Buying and selling a medical practice isn’t as easy as cutting a check and shaking hands on the deal. It’s quite a lengthy process to determine the fair market value of a medical practice as many factors come into play. Before buying or selling a medical practice, it’s important to engage a healthcare business valuation company to assess the medical practice market value.
Here are three factors that come into play when determining the fair market value of a medical practice.
1. Is It Viable To Work as a Doctor in the Practice or Owning the Practice?
A healthcare business valuations company will help you determine whether it’s more feasible to own your medical practice, or working as a doctor. When deciding to buy a medical practice, first determine how much the partners earn from their shares. Compare that to the average income that doctors in the same capacity working in the same area, or the same practice earn.
Consider if it’s more lucrative to work as a physician as opposed to owning the medical practice. However, you should also assess the future earning potential of the practice. The current net cash flow may be low because of several economic or administrative factors that may change with time. For instance, if the medical practice was just gaining traction, the current earning capacity may be less, but the future returns would be impressive.
These are the financial metrics that a healthcare compensation valuation company will weigh when determining what is the fair market value of a medical practice. This will help you make an informed decision when buying or selling a medical practice.
2. Valuation of Tangible Assets and Intangible Assets
All physical assets under the practice’s management are called tangible assets. They include the office building, furniture, medical equipment, office supplies, cash in the practice’s bank accounts, medical reference books, and drugs on hand. You may conduct a medical equipment appraisal to certify the condition of some of the equipment. Some of these machines such as X-ray machines are expensive, and it’s necessary to ascertain their operating condition before transfer.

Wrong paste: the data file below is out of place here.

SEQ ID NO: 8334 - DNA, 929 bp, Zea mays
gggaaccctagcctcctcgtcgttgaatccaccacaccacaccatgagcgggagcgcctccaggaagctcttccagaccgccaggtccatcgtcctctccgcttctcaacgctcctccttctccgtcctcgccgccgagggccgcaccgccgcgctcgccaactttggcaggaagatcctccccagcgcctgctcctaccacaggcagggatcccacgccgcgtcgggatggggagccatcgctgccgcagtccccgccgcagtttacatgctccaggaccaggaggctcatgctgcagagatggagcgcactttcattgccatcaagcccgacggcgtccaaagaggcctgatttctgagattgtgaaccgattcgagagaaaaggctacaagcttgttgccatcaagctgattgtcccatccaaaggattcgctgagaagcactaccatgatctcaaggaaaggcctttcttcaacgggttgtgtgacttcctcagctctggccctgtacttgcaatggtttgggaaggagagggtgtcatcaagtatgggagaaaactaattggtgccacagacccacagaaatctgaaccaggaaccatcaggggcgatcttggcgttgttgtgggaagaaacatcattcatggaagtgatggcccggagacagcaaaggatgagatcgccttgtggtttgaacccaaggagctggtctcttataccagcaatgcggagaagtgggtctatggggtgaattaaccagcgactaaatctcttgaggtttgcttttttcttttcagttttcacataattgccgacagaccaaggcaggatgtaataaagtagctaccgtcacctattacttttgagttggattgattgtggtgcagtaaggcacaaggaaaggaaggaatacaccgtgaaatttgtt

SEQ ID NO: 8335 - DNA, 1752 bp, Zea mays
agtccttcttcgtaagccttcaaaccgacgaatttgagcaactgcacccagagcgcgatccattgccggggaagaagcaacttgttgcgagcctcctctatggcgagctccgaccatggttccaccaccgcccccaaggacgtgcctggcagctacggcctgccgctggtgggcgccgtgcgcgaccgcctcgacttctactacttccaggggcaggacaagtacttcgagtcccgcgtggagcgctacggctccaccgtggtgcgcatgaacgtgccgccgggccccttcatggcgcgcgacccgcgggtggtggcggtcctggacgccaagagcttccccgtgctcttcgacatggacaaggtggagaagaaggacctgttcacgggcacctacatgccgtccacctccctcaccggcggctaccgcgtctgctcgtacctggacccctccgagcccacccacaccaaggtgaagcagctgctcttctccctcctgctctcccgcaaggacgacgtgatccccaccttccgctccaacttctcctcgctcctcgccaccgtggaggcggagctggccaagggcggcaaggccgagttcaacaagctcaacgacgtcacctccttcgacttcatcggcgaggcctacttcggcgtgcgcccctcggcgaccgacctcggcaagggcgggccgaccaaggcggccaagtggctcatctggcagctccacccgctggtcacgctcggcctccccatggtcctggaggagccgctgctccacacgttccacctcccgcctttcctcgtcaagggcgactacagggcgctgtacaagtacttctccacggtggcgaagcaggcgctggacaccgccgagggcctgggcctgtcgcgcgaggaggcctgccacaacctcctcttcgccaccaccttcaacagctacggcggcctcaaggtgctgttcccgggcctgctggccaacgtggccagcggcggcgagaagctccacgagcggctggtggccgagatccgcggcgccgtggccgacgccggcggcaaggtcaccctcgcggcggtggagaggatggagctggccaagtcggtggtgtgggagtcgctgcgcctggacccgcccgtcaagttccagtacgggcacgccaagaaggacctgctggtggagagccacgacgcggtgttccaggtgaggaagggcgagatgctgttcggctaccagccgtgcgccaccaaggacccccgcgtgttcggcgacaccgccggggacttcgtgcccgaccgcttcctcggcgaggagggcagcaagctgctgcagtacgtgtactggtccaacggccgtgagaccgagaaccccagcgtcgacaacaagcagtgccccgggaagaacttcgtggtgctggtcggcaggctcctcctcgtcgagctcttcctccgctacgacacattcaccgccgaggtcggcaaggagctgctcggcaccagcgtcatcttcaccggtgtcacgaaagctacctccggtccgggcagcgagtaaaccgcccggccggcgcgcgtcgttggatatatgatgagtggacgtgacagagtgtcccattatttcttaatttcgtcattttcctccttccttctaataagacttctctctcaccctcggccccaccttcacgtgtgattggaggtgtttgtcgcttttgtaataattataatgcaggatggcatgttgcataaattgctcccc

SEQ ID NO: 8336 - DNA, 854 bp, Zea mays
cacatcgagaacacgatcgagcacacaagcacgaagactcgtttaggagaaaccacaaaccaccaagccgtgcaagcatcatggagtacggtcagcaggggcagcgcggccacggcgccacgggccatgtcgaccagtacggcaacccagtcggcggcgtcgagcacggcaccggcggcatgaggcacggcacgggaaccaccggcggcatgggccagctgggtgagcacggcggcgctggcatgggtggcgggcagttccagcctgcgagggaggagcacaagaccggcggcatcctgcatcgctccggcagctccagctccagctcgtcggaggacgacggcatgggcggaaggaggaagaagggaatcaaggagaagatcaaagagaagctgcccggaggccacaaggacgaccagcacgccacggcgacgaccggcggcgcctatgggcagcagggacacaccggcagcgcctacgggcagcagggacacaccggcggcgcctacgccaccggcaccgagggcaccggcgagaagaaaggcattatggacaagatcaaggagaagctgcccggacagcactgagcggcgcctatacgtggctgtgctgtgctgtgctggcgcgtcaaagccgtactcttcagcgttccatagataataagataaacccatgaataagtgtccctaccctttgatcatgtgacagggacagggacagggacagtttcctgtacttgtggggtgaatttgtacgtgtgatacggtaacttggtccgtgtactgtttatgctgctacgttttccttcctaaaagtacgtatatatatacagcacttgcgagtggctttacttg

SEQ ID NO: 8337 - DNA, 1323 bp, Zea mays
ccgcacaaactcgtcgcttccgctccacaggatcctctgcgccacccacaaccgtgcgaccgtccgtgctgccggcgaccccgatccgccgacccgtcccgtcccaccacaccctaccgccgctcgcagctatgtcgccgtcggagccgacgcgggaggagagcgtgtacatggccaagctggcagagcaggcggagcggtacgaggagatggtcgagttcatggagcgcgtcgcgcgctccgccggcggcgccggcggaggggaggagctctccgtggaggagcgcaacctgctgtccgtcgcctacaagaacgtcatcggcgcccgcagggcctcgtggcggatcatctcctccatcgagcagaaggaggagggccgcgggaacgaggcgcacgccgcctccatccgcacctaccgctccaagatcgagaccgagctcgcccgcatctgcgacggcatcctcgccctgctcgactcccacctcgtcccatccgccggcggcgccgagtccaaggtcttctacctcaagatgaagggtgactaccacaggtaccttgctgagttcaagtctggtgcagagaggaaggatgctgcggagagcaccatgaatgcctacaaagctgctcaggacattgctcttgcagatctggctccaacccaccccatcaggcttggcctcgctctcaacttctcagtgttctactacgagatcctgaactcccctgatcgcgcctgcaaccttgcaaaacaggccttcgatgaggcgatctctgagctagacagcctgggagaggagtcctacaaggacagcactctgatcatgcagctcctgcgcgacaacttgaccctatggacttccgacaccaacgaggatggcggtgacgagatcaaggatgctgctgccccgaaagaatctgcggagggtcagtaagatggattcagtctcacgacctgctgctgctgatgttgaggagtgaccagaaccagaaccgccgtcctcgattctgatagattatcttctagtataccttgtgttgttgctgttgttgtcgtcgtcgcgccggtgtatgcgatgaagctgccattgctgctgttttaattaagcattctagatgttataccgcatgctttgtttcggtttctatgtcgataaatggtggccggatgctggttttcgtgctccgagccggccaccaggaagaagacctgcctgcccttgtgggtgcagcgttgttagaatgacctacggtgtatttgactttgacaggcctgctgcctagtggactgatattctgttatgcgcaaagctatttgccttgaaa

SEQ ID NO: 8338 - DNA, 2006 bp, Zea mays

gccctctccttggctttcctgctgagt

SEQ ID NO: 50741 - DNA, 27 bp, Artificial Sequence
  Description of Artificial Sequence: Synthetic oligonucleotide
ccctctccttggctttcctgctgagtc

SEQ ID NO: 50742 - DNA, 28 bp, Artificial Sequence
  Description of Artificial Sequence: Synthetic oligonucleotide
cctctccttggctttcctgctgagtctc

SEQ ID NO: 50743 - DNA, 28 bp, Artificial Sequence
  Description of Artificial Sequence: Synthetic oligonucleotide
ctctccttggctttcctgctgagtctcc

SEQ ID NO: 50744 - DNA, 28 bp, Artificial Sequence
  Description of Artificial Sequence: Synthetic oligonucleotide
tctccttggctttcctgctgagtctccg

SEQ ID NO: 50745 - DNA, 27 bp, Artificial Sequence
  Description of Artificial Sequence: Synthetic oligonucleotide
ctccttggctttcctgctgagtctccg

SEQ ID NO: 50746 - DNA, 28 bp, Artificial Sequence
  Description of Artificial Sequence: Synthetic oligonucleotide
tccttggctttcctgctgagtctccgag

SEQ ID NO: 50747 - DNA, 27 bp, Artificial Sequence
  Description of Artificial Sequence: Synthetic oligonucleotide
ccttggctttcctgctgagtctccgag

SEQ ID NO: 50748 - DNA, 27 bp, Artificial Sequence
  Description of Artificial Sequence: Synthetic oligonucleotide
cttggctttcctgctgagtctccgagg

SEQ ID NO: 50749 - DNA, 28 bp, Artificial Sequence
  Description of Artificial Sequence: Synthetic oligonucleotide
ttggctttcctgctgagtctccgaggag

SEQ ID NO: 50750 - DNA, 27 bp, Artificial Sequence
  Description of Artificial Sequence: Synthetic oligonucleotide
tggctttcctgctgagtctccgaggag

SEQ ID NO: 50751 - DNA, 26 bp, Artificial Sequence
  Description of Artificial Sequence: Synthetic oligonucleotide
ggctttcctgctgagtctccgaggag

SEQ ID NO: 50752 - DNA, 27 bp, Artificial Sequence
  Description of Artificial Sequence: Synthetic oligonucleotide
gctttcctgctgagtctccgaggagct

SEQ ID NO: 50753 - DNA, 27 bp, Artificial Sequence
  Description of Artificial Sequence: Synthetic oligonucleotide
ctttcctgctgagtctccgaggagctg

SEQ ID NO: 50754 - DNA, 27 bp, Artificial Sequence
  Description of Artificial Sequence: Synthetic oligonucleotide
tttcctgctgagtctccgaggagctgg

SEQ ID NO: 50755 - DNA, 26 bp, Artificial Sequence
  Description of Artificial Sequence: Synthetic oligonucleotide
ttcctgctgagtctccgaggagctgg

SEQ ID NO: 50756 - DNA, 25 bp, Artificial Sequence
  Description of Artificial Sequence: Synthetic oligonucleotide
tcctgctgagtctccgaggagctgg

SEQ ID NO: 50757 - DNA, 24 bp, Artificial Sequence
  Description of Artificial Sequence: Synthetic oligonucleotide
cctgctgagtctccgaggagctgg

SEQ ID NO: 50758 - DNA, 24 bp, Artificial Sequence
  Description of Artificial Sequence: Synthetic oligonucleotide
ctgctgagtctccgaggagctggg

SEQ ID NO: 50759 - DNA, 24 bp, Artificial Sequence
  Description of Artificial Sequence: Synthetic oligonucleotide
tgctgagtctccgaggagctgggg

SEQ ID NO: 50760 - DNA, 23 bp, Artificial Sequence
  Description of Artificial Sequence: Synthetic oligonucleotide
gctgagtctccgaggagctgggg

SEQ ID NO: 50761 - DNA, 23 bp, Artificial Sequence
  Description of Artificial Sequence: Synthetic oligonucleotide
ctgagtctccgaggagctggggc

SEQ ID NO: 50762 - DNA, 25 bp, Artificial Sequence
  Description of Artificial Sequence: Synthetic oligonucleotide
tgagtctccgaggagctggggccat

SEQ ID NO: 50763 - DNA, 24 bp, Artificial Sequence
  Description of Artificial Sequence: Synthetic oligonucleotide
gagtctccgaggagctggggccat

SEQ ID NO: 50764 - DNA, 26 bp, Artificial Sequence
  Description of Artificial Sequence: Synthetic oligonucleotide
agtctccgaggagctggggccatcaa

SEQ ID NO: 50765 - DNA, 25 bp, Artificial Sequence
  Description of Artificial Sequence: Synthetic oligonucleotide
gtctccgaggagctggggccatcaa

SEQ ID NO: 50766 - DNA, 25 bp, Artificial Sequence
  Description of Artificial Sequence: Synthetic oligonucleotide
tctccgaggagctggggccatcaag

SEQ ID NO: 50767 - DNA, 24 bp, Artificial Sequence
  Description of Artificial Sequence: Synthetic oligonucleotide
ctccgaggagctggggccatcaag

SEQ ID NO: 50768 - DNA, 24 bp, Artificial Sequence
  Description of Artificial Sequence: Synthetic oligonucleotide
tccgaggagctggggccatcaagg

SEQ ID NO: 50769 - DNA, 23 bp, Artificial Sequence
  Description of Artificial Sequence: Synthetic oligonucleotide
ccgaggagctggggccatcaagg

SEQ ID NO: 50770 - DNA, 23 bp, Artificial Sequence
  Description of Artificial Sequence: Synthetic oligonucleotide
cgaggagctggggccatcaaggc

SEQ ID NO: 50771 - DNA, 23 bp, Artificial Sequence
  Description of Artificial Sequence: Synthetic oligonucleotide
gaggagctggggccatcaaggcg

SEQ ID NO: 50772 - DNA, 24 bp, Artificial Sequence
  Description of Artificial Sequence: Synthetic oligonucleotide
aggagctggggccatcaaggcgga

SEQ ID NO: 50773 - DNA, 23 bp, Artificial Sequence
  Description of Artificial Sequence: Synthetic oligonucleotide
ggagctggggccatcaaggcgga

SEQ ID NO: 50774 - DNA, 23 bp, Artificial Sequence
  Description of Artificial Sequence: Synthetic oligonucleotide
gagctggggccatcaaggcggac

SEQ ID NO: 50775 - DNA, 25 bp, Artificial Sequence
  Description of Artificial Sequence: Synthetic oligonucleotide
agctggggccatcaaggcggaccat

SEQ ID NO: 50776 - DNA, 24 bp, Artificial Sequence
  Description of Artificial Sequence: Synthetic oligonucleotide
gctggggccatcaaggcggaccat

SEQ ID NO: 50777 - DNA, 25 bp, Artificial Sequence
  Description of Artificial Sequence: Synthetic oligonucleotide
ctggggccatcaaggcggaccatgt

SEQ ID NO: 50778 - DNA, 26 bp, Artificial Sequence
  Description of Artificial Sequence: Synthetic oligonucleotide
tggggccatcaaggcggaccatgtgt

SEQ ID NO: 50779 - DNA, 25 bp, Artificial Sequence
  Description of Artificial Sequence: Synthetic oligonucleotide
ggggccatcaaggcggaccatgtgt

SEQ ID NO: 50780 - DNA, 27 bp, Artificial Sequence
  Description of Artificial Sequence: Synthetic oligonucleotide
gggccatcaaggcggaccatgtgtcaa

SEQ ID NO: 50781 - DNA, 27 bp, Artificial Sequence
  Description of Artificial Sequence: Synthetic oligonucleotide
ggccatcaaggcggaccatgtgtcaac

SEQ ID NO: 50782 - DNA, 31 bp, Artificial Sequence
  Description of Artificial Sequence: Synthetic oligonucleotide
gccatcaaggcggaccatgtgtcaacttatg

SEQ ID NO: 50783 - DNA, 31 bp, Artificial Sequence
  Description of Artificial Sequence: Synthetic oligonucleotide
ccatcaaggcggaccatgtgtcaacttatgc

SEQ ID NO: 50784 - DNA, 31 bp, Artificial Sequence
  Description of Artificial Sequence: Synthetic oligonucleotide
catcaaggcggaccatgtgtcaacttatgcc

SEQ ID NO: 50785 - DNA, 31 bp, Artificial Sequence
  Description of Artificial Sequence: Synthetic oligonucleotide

Intangible assets include goodwill, employees’ contracts, and working agreements with other businesses. Goodwill is broader and more complex to value because it entails many factors. These include the experience and reputation of the practice, the location, and the profitability of the practice. Additionally, goodwill is also influenced by the ability of the previous owners to refer patients and the expectation that existing patients will continue to use the practice.
3. Legal Implications
Many legal considerations come into play when establishing the fair market value of the medical practice. You must be fully aware of the Stark Law and the anti-kickback regulations that guide healthcare business valuations.
If the seller intends to fully walk away from the medical practice and not practice medicine again after the buyout, the Stark Law and anti-kickback regulations may not apply. However, if you’re buying in as a partner, the rules will come into effect. You must also adhere to the tax laws as directed by the IRS.
Other factors such as medical malpractices that may have legal implications down the line must also be addressed. If you buy or sell the medical practice, who will be held accountable for previous malpractices that may be pending a determination in court?
There’re many more factors that come into play when assessing the fair market value (FMV) of a medical practice. While there’re FMV calculators and FMV tools to help in healthcare business valuations, it’s more intricate than that. When buying or selling a medical practice, you’re better off hiring healthcare fair market valuation professionals.
As of 2018, healthcare contributed 18.2% of United States GDP, which is a considerable jump from the 5% contribution in 1960. This makes it a lucrative industry for all the stakeholders. Physicians are the dominant players in the healthcare industry. It’s important to determine the fair market value of a medical practice before selling or investing in one.